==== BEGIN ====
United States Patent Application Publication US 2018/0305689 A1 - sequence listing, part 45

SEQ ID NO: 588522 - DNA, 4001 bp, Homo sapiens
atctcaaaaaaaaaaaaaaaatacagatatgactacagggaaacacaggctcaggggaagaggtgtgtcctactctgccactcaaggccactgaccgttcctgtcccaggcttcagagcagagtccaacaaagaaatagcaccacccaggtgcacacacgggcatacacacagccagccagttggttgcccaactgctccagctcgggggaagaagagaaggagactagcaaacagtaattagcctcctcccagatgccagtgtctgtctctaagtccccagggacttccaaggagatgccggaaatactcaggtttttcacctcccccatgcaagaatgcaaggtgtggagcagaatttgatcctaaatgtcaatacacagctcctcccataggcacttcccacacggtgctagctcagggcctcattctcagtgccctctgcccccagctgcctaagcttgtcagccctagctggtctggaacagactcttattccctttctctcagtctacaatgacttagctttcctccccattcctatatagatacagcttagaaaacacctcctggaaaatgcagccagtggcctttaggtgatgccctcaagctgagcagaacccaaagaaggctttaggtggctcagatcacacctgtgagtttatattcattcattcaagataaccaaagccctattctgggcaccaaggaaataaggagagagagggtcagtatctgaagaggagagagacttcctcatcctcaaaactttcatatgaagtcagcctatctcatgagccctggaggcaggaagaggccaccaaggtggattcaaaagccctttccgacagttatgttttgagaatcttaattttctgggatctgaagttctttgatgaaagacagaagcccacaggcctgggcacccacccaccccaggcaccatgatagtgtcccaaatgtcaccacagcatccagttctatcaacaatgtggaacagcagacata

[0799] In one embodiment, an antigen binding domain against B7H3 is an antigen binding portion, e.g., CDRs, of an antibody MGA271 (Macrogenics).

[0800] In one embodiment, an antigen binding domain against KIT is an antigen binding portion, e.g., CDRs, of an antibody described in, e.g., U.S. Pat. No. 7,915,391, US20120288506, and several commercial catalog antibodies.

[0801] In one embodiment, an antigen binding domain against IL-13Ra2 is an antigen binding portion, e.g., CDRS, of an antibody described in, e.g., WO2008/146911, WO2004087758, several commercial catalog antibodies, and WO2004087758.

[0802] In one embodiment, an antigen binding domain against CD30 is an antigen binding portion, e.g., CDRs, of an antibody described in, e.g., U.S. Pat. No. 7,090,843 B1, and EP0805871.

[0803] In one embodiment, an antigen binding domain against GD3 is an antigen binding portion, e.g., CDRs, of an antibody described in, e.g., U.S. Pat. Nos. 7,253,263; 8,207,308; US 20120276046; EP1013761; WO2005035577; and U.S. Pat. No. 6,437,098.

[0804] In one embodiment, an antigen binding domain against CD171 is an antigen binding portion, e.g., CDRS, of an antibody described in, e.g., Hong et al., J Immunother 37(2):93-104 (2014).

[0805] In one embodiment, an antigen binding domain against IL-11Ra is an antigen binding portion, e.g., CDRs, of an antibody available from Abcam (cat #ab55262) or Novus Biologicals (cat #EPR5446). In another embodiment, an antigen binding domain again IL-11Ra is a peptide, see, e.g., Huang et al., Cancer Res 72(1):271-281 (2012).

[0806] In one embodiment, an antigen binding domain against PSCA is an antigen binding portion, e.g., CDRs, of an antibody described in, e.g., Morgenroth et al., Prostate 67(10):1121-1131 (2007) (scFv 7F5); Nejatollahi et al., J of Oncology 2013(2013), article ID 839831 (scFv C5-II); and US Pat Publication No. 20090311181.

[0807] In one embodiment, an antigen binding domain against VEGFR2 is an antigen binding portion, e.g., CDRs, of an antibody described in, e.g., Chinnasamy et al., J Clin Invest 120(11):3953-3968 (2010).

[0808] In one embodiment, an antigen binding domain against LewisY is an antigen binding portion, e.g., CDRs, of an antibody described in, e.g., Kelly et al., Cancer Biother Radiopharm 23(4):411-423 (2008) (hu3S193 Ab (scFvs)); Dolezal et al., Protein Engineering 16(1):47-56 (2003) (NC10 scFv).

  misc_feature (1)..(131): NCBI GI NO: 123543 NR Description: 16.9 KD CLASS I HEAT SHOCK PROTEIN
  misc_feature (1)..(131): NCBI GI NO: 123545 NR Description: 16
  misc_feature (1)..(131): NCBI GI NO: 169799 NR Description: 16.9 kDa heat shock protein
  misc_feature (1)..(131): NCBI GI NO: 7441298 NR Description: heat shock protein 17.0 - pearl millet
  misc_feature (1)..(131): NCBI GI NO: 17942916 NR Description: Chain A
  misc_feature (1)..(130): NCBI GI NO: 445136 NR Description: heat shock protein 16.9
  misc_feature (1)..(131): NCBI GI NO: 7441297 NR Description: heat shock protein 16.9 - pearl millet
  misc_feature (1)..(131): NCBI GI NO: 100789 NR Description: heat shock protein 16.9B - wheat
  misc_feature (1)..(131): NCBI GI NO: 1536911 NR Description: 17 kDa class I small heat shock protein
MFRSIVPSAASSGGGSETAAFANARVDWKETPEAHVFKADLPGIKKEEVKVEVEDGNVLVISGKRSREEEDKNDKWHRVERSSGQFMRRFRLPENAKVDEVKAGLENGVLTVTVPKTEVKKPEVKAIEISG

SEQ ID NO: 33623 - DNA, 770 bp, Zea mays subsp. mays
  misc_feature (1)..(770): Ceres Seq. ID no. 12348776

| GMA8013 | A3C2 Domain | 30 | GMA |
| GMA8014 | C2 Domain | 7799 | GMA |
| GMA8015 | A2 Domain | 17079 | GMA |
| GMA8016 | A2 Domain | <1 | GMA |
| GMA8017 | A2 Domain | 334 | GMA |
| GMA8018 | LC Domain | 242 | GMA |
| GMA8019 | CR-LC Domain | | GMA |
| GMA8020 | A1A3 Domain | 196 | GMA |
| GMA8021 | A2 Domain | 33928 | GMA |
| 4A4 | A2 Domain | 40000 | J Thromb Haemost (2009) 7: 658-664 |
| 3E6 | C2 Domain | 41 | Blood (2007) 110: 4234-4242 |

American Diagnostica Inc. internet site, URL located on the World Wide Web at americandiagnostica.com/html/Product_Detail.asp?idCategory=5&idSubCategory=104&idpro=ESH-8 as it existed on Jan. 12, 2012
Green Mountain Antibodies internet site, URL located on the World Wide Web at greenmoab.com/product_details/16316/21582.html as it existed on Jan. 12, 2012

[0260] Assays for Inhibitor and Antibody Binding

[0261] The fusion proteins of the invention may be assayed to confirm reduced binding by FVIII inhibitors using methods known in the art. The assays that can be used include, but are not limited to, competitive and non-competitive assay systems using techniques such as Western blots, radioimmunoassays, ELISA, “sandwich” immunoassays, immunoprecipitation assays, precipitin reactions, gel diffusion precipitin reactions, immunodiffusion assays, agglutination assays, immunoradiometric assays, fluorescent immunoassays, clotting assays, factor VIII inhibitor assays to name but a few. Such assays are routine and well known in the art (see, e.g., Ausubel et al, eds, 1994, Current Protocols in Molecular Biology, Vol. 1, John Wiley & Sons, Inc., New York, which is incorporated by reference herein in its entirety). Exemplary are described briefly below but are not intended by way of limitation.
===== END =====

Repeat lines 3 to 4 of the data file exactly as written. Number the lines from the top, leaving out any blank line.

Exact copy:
atctcaaaaaaaaaaaaaaaatacagatatgactacagggaaacacaggctcaggggaagaggtgtgtcctactctgccactcaaggccactgaccgttcctgtcccaggcttcagagcagagtccaacaaagaaatagcaccacccaggtgcacacacgggcatacacacagccagccagttggttgcccaactgctccagctcgggggaagaagagaaggagactagcaaacagtaattagcctcctcccagatgccagtgtctgtctctaagtccccagggacttccaaggagatgccggaaatactcaggtttttcacctcccccatgcaagaatgcaaggtgtggagcagaatttgatcctaaatgtcaatacacagctcctcccataggcacttcccacacggtgctagctcagggcctcattctcagtgccctctgcccccagctgcctaagcttgtcagccctagctggtctggaacagactcttattccctttctctcagtctacaatgacttagctttcctccccattcctatatagatacagcttagaaaacacctcctggaaaatgcagccagtggcctttaggtgatgccctcaagctgagcagaacccaaagaaggctttaggtggctcagatcacacctgtgagtttatattcattcattcaagataaccaaagccctattctgggcaccaaggaaataaggagagagagggtcagtatctgaagaggagagagacttcctcatcctcaaaactttcatatgaagtcagcctatctcatgagccctggaggcaggaagaggccaccaaggtggattcaaaagccctttccgacagttatgttttgagaatcttaattttctgggatctgaagttctttgatgaaagacagaagcccacaggcctgggcacccacccaccccaggcaccatgatagtgtcccaaatgtcaccacagcatccagttctatcaacaatgtggaacagcagacata

[0799] In one embodiment, an antigen binding domain against B7H3 is an antigen binding portion, e.g., CDRs, of an antibody MGA271 (Macrogenics).